Opinion divided as new bill asks Vietnamese lawyers to break client privilege in serious cases

By Vo Hai   May 29, 2017 | 09:00 am PT
Lawyers are worried their profession will disappear, but lawmakers say they are bound by their duty as citizens.

Vietnamese lawyers are concerned about revisions to the Penal Code that if approved would require them to expose their clients in cases of serious crimes or threats to national security.

The article, which is being discussed at the ongoing National Assembly session, says that lawyers will be held criminally responsible if they do not expose certain crimes.

Do Ngoc Thinh, chairman of the Vietnam Bar Association, said during a weekend meeting that exposing a criminal should be the responsibility of investigators and prosecutors.

Thinh said there is a chance that the profession will simply disappear if lawyers are not allowed to protect their clients.


Do Ngoc Thinh, chairman of the Vietnam Bar Association, speaks out against the proposed rule during a meeting with lawmakers in Hanoi. Photo by VnExpress/Vo Hai

Thinh suggested the law should be loosened. He accepted that lawyers are bound to expose their clients in cases where they are threat to national security. But in the case of “serious crimes", he said the list of 83 crimes should be shortened to 30.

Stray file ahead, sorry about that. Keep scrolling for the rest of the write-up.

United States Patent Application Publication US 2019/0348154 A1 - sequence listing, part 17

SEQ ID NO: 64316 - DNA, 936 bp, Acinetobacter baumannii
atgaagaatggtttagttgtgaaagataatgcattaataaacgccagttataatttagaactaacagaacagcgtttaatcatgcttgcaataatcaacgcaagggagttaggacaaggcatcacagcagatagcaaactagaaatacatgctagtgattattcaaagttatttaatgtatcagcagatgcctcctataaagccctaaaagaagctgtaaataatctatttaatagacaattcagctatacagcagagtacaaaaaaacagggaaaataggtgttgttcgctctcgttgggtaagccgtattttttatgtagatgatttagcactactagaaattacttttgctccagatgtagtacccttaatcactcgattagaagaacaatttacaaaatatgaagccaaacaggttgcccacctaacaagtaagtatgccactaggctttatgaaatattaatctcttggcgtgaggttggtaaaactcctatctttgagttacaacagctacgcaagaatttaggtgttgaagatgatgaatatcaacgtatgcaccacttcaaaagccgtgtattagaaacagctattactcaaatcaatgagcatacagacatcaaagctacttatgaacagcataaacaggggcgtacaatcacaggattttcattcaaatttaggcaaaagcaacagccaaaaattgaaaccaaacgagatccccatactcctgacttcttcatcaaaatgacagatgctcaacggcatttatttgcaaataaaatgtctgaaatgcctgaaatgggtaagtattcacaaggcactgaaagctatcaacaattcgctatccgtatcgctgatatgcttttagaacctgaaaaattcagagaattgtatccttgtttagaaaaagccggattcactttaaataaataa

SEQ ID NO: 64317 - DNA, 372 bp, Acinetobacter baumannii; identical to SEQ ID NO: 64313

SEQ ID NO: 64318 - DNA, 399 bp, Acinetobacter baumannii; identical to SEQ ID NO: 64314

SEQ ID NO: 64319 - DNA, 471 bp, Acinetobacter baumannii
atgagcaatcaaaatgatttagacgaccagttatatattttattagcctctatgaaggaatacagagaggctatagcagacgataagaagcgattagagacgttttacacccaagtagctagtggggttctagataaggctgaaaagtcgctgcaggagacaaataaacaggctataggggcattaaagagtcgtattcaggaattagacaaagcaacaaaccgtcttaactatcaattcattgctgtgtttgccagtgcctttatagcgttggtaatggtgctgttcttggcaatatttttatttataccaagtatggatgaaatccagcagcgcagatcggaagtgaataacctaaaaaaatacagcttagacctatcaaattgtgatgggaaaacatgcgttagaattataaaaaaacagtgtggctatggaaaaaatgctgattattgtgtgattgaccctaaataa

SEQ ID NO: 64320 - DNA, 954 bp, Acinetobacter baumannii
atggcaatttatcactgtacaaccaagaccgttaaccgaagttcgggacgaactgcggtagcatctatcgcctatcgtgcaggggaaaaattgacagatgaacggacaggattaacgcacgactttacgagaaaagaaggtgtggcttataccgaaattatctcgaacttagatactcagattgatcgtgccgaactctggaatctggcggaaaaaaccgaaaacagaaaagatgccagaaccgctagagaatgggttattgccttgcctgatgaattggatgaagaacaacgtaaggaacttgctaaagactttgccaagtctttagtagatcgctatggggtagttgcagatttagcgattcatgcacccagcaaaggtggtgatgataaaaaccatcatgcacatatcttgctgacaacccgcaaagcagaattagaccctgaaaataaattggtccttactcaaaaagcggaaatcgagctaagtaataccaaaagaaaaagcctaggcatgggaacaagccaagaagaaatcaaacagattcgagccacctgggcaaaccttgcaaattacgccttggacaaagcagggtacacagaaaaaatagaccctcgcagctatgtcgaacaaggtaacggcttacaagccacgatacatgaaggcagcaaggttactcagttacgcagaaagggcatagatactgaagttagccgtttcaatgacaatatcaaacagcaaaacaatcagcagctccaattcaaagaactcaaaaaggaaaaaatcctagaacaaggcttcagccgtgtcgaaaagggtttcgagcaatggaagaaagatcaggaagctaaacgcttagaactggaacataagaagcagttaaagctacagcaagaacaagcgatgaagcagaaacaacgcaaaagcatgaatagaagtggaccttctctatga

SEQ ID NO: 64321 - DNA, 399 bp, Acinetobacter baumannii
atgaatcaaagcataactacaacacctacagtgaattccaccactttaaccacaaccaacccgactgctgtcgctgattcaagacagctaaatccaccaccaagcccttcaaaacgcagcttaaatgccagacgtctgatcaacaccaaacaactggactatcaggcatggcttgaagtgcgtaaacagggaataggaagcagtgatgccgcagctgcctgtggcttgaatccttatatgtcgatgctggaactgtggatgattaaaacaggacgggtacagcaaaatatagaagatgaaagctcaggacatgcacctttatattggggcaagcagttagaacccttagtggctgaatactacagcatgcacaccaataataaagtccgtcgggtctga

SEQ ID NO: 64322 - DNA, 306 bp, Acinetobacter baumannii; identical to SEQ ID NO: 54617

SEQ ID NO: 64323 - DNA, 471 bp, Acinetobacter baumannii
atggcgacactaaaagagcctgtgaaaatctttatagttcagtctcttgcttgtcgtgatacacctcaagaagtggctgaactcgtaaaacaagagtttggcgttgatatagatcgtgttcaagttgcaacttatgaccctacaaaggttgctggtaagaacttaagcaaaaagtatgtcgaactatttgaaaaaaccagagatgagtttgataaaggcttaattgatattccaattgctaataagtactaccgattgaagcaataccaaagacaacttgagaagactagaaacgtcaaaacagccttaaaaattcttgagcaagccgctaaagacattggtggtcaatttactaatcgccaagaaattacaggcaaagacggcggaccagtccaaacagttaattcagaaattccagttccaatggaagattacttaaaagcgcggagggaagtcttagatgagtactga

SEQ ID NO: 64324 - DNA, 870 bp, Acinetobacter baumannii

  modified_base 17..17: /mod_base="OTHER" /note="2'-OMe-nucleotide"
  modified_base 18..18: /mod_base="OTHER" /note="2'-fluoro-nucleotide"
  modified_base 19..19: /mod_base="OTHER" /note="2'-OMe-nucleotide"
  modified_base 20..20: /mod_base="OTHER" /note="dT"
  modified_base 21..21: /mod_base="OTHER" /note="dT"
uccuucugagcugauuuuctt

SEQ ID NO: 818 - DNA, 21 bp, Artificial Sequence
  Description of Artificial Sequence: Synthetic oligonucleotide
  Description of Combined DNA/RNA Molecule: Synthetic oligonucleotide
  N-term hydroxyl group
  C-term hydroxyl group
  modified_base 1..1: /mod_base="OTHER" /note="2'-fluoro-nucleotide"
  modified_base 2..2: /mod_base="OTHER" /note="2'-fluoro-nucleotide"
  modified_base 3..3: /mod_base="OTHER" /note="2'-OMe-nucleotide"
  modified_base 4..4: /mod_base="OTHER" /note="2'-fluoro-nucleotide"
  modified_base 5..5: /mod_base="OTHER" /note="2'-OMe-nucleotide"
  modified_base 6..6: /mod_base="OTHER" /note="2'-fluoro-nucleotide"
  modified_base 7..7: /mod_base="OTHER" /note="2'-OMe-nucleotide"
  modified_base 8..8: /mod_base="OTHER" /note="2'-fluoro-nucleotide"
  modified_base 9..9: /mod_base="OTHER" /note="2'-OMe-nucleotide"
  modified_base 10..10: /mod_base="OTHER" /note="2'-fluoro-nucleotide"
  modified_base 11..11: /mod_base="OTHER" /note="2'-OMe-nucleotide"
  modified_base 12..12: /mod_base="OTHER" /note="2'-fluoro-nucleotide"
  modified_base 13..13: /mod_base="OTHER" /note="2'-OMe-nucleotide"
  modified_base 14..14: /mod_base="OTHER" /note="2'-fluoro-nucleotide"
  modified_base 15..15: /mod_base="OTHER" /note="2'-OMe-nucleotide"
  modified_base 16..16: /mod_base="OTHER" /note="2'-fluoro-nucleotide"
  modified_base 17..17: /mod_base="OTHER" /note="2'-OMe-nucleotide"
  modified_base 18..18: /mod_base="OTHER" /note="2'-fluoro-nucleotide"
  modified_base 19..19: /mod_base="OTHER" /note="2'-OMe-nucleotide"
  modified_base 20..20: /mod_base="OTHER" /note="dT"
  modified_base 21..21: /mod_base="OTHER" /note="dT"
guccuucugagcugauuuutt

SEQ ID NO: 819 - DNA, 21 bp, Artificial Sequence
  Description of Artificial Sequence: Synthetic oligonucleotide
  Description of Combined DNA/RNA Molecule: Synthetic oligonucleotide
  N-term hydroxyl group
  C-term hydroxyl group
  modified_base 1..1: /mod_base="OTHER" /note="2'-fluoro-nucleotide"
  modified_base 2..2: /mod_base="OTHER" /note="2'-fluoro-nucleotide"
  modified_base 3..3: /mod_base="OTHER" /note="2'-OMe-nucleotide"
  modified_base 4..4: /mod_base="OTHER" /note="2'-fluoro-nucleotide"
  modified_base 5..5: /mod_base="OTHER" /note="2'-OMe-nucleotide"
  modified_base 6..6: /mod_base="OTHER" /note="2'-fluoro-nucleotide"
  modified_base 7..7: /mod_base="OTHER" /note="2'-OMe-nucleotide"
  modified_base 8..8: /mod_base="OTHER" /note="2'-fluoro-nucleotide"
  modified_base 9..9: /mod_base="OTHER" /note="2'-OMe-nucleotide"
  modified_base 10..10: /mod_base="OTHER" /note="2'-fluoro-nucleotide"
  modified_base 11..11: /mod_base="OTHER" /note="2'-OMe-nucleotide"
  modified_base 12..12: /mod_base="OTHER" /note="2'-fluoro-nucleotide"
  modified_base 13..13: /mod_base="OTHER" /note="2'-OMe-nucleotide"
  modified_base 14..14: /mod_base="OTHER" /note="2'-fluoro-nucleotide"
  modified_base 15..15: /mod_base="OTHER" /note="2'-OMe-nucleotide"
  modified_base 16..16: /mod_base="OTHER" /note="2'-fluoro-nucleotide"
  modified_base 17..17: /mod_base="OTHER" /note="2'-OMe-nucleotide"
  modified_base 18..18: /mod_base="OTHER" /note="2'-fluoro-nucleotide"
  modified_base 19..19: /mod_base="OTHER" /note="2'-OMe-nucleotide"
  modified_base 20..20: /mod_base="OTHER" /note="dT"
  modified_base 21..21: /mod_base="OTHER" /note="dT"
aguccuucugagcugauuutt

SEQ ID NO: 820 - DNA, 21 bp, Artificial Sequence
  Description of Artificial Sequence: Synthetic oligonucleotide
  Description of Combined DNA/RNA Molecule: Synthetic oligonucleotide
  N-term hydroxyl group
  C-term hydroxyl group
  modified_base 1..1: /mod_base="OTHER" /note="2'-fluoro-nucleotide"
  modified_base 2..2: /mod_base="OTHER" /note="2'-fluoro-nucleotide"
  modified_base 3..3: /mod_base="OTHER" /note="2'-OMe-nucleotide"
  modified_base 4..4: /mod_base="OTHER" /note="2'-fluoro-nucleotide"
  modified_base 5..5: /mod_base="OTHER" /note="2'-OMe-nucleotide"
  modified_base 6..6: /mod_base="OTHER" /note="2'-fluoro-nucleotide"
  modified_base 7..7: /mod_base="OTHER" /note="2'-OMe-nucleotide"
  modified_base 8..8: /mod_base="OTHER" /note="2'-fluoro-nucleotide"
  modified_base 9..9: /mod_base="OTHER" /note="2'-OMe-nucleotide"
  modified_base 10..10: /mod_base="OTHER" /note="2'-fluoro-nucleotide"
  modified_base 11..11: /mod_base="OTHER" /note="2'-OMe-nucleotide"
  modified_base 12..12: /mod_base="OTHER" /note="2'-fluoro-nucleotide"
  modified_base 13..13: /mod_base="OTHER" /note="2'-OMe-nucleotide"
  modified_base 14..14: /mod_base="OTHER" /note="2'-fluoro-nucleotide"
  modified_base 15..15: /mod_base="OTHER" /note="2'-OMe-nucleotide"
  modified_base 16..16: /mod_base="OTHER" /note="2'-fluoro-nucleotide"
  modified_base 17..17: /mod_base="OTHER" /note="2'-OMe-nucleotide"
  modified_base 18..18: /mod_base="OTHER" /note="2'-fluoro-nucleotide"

But Nguyen Thi Kim Ngan, chairwoman of the assembly, dismissed the suggestion.

Ngan said that besides the ethics of the career, a lawyer is also bound by the responsibility and ethics of a citizen.

The bill has also caused divisions among lawyers.

Nguyen Thai Hoc, who has been practicing law for eight years, supported the rule, saying that even family members should expose each other in cases of serious crimes.

Nguyen Van Chien, vice chairman of the Vietnam Bar Association, said that forcing lawyers to expose their clients might be pointless as current regulations do not allow investigators or prosecutors to use a suspect’s confession unless it relates to other evidence.

The updated Penal Code is among 13 new and revised laws expected to be passed before the session ends on June 22. Amendments to the code also include tougher punishments for pollution and food safety violations.

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